Tackling the Outback–Real or Imagined
These days it seems like almost every mainstream car company is building some kind of wagon-like small SUV that offers versatility without being conspicuously large or prohibitively expensive. That’s essentially the meat of the auto market for young consumers who need one vehicle that can serve many needs.
Subaru can take credit for pretty much inventing that segment with their Outback wagon fifteen years ago. The scrappy car company that brought us things like the cheeky Brat—a tiny pickup truck with two rear-facing seats in the bed—decided to think outside the box once again.
Their Legacy station wagon was treated to a more macho look and some upgraded tires and suspension and voila! The Outback was born. It arrived just as the sport utility vehicle craze was taking off but offered a smaller, more car-like alternative. Through the past decade and a half, the Outback has been improved and remodeled a couple of times and now an all-new Outback has arrived for 2010.
Part of Subaru’s successful marketing campaign in recent years has been that all the vehicles it sells in North America come standard with all wheel drive. It’s a clever move to instill confidence to those who deal with snow on a regular basis, even though the hardware to drive the extra set of wheels is probably a waste to the vast majority of buyers in our mild climate.
And then there’s that great name: Outback. Images of the great Australian outback and all the adventure that it promises. There’s probably a loyal segment of Subaru Outback buyers who seemingly live in nylon and fleece “performance” clothing, own both kayaks and mountain bikes and dutifully take their vehicles to all sorts of cool places with their recreational equipment strapped to the roof. But I have a feeling that most people who buy an Outback with those visions in their heads are just out-of-shape people who only drive to work and to the mall.
Whichever way it’ll be used, the 2010 Outback is a very competent vehicle with a big upgrade in luxury and comfort. The new wagon is taller and wider than the previous model, probably to look less wagon-y, and more like a small SUV. All wheel drive is once again standard and there are two engine choices offered, the largest of which makes this a truly premium vehicle, both in terms of driving and in price.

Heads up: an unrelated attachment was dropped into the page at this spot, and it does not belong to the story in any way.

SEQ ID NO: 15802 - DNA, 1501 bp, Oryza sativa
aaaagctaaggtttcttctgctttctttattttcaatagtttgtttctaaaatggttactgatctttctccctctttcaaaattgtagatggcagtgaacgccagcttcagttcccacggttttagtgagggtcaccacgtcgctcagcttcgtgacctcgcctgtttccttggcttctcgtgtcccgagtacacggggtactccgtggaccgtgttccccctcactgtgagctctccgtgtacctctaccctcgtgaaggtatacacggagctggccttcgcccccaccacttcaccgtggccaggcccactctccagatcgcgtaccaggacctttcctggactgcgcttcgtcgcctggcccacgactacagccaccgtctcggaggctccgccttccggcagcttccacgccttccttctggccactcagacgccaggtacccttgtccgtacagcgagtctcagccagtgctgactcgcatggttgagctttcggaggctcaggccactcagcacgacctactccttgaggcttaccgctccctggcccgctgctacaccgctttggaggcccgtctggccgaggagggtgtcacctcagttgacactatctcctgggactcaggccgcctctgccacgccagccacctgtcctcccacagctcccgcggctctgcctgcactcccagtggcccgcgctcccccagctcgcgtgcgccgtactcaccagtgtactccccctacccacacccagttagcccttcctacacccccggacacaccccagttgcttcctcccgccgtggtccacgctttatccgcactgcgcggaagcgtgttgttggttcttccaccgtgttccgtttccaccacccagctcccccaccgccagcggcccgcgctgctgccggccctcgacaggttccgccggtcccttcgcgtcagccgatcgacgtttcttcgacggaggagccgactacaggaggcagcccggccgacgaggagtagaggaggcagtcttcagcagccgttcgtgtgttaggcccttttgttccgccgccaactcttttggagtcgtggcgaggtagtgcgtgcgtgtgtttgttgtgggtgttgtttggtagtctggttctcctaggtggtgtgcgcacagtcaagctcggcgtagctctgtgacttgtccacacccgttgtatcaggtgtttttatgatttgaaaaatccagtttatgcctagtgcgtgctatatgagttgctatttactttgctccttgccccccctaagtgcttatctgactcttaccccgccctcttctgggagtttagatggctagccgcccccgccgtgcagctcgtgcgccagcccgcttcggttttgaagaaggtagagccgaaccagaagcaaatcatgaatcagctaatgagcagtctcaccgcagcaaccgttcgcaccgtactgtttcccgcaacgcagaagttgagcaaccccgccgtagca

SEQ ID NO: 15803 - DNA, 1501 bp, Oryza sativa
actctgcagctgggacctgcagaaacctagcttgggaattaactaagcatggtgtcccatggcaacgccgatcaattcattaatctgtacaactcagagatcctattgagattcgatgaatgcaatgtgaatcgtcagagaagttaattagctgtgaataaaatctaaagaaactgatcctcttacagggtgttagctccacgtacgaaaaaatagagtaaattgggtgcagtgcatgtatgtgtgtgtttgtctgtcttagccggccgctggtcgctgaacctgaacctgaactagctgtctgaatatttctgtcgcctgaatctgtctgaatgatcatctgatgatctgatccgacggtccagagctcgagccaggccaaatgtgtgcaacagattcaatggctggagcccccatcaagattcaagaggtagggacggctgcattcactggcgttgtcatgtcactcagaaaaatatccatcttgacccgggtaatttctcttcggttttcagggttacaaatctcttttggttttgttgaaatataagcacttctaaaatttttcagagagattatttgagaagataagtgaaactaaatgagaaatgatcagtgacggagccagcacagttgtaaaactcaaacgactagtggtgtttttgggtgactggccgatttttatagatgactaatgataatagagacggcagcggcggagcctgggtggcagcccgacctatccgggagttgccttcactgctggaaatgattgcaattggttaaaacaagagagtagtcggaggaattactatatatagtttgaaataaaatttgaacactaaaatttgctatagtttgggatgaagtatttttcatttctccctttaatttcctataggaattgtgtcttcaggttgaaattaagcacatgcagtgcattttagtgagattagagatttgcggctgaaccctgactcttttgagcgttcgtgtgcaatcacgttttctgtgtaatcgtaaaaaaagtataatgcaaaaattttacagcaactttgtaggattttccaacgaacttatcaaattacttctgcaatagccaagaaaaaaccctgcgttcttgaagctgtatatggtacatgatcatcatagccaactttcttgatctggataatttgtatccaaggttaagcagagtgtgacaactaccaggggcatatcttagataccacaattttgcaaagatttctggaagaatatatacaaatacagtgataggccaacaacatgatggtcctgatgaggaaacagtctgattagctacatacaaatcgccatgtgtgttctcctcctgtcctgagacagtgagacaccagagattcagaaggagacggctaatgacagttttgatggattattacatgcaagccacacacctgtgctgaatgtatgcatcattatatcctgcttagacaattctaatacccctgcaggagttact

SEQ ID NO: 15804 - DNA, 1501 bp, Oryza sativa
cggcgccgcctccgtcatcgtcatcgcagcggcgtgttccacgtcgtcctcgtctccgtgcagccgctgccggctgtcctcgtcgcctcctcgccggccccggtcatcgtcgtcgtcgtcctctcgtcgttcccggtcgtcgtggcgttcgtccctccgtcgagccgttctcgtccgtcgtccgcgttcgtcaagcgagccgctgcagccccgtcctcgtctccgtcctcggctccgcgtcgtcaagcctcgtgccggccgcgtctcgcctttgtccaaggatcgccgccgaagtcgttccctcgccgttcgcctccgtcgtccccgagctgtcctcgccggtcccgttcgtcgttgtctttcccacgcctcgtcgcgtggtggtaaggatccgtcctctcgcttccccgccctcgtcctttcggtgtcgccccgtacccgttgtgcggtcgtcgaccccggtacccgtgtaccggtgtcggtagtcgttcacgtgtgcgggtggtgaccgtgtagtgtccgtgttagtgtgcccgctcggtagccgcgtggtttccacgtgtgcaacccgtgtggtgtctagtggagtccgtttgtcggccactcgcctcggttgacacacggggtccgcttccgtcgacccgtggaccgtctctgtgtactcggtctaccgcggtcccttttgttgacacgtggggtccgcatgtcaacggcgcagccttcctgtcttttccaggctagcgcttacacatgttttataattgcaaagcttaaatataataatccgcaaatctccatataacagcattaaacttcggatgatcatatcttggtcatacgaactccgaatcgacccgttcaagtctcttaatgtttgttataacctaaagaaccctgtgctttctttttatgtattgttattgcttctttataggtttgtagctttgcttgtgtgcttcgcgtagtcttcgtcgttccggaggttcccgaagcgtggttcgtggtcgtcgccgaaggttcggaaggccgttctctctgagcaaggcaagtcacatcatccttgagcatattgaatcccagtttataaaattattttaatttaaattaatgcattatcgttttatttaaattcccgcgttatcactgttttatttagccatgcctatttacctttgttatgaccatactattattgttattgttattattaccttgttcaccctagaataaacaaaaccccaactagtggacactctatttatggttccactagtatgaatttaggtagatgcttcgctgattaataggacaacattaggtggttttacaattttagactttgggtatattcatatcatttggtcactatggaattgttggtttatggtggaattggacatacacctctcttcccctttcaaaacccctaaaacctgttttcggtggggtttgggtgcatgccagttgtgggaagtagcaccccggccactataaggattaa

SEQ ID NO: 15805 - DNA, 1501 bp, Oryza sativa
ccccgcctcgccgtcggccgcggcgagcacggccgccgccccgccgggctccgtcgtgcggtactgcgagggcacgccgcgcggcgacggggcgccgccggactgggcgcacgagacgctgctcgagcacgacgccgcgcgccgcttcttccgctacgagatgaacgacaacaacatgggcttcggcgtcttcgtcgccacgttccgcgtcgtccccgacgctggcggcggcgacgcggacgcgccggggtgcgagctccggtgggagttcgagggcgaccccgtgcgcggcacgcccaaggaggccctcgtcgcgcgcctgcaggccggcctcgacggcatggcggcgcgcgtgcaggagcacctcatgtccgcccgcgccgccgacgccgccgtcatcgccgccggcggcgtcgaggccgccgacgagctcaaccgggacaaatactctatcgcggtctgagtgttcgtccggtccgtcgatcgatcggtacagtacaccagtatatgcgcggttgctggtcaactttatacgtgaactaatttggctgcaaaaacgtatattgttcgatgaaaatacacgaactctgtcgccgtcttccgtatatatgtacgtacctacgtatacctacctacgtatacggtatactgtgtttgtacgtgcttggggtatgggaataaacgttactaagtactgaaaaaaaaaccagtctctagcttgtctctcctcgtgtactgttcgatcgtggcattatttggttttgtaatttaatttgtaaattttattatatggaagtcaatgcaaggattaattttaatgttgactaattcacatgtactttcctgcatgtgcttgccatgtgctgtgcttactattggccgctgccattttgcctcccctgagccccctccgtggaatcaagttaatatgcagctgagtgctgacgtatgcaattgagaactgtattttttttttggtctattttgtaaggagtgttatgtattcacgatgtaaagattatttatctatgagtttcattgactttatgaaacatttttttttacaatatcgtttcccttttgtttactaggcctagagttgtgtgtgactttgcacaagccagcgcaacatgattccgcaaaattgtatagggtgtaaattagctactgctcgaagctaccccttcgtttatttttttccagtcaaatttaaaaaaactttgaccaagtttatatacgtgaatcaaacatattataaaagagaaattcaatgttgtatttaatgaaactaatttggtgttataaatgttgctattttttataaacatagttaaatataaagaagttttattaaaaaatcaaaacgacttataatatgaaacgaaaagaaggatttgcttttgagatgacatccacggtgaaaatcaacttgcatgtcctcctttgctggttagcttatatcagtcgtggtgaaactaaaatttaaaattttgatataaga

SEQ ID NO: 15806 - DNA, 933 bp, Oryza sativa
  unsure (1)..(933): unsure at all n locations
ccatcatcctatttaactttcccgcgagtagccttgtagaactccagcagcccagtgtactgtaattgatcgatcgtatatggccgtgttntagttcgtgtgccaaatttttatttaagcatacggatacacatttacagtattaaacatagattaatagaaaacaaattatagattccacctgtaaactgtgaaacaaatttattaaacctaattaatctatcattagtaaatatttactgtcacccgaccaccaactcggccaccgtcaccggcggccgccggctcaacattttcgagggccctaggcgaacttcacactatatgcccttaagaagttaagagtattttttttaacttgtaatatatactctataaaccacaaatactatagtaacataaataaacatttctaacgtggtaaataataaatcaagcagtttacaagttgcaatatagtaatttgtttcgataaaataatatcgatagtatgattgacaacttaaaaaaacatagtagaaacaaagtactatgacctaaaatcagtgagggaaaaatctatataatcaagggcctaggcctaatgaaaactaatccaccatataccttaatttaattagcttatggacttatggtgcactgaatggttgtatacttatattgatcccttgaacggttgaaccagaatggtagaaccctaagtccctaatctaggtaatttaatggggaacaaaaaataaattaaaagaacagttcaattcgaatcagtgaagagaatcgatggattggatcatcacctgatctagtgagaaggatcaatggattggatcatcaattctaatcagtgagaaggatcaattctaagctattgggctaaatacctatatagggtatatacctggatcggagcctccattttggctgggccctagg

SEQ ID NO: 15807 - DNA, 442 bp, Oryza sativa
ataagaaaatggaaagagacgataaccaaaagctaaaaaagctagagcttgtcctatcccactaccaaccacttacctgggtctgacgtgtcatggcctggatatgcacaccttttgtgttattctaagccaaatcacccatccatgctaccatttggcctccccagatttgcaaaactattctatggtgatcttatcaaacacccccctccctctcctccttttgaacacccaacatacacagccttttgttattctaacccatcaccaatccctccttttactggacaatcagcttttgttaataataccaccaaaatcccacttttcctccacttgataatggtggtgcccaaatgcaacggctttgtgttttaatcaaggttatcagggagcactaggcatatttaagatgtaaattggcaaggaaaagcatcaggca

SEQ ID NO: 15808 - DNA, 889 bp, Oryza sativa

Base models of Outback are designated 2.5i for the four-cylinder boxer engine, mated to either a 6-speed manual or new CVT automatic transmission. There’s no more turbo version of this engine but its 170 horsepower should be plenty for most drivers. For those who want or need more get-up-and-go, the 3.6R is the model with an improved six-cylinder boxer engine making an impressive 256 horsepower. A bonus is that the larger engine now runs just fine on regular gas.
Once an engine has been chosen, a buyer can select three trim levels for the Outback. The base model is fairly well-equipped but stepping up to the Premium package adds things like a 10-way power driver’s seat, 17” wheels and a leather-wrapped steering wheel. The top trim level is called Limited and, with that, you get leather upholstery with heated front seats, dual zone automatic climate control and the option of a GPS navigation system.
The Outback I got to drive was the fully-loaded 3.6R Limited, and it’s quite a luxurious little wagon… or SUV. All the amenities are in place, including things you wouldn’t expect like an electric parking brake. The seats are very comfortable, and Subaru added 4” to the rear seat legroom, so tall kayakers or mountain bikers don’t have to call “shotgun” in order to be comfortable on the way to the great outdoors.
There are little clever touches everywhere, including a really innovative luggage rack design. Luggage racks generally make unwanted wind noise when they’re not being used, so the cross bars on the Outback’s rack unlatch, pivot and click into the side rails when they’re not needed. Very smart and something I have a feeling will be copied by other car companies.
You can get an Outback 2.5i with a manual transmission for $22,995, or add another $1000 for the automatic. Prices climb as you make your way through the trim levels, with the most expensive model, the 3.6R Limited, topping out at $30,995. Add the navigation system and moon roof, like my test car had, and your new Subaru Outback will set you back about $34,000.
Subaru has weathered the economic downturn and auto sales downslide pretty well, all things considered. They can probably chalk up their relative success to sensible vehicles, a loyal customer base and, of course, all those people taming the wilderness in search of adventure. Or just thinking that someday they will.
I’ll see you down the road.
Dave Kunz is the automotive reporter at KABC-TV Channel 7. He’s also a car enthusiast and owns several classics. Dave can be reached at TVCarz @ pacbell.net